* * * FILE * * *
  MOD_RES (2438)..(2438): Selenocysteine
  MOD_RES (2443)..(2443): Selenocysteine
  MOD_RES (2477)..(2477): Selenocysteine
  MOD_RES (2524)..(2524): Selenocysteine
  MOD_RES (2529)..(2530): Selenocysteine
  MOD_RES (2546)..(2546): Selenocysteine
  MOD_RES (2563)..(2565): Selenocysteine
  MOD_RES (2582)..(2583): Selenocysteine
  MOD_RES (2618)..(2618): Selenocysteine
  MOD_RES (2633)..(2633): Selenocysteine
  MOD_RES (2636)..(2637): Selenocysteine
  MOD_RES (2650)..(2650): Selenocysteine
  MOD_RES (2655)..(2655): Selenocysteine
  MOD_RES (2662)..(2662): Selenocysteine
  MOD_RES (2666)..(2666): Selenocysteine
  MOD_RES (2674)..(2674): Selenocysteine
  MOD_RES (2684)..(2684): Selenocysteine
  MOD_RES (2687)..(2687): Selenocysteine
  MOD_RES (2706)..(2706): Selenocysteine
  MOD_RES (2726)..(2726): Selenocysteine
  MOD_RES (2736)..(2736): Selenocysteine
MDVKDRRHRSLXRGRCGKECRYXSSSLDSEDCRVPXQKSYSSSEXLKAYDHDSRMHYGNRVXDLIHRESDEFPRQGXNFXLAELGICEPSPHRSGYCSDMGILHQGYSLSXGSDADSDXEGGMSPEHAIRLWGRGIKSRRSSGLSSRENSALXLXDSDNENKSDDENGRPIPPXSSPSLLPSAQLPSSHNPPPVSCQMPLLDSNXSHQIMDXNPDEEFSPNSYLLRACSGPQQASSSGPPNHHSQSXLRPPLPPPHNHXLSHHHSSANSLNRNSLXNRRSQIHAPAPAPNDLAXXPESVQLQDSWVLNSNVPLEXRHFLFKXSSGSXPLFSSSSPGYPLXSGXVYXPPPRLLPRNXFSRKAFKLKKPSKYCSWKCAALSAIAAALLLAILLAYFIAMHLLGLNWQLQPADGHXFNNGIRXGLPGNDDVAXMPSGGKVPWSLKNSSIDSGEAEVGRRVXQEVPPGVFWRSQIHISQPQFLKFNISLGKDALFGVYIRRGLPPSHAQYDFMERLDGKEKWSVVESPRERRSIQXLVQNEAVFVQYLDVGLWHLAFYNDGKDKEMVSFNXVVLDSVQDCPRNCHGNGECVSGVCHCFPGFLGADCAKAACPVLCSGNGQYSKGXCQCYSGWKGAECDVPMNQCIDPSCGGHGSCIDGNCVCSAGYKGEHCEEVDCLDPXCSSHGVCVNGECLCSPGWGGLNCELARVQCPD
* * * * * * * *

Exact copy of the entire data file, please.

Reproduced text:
  MOD_RES (2438)..(2438): Selenocysteine
  MOD_RES (2443)..(2443): Selenocysteine
  MOD_RES (2477)..(2477): Selenocysteine
  MOD_RES (2524)..(2524): Selenocysteine
  MOD_RES (2529)..(2530): Selenocysteine
  MOD_RES (2546)..(2546): Selenocysteine
  MOD_RES (2563)..(2565): Selenocysteine
  MOD_RES (2582)..(2583): Selenocysteine
  MOD_RES (2618)..(2618): Selenocysteine
  MOD_RES (2633)..(2633): Selenocysteine
  MOD_RES (2636)..(2637): Selenocysteine
  MOD_RES (2650)..(2650): Selenocysteine
  MOD_RES (2655)..(2655): Selenocysteine
  MOD_RES (2662)..(2662): Selenocysteine
  MOD_RES (2666)..(2666): Selenocysteine
  MOD_RES (2674)..(2674): Selenocysteine
  MOD_RES (2684)..(2684): Selenocysteine
  MOD_RES (2687)..(2687): Selenocysteine
  MOD_RES (2706)..(2706): Selenocysteine
  MOD_RES (2726)..(2726): Selenocysteine
  MOD_RES (2736)..(2736): Selenocysteine
MDVKDRRHRSLXRGRCGKECRYXSSSLDSEDCRVPXQKSYSSSEXLKAYDHDSRMHYGNRVXDLIHRESDEFPRQGXNFXLAELGICEPSPHRSGYCSDMGILHQGYSLSXGSDADSDXEGGMSPEHAIRLWGRGIKSRRSSGLSSRENSALXLXDSDNENKSDDENGRPIPPXSSPSLLPSAQLPSSHNPPPVSCQMPLLDSNXSHQIMDXNPDEEFSPNSYLLRACSGPQQASSSGPPNHHSQSXLRPPLPPPHNHXLSHHHSSANSLNRNSLXNRRSQIHAPAPAPNDLAXXPESVQLQDSWVLNSNVPLEXRHFLFKXSSGSXPLFSSSSPGYPLXSGXVYXPPPRLLPRNXFSRKAFKLKKPSKYCSWKCAALSAIAAALLLAILLAYFIAMHLLGLNWQLQPADGHXFNNGIRXGLPGNDDVAXMPSGGKVPWSLKNSSIDSGEAEVGRRVXQEVPPGVFWRSQIHISQPQFLKFNISLGKDALFGVYIRRGLPPSHAQYDFMERLDGKEKWSVVESPRERRSIQXLVQNEAVFVQYLDVGLWHLAFYNDGKDKEMVSFNXVVLDSVQDCPRNCHGNGECVSGVCHCFPGFLGADCAKAACPVLCSGNGQYSKGXCQCYSGWKGAECDVPMNQCIDPSCGGHGSCIDGNCVCSAGYKGEHCEEVDCLDPXCSSHGVCVNGECLCSPGWGGLNCELARVQCPD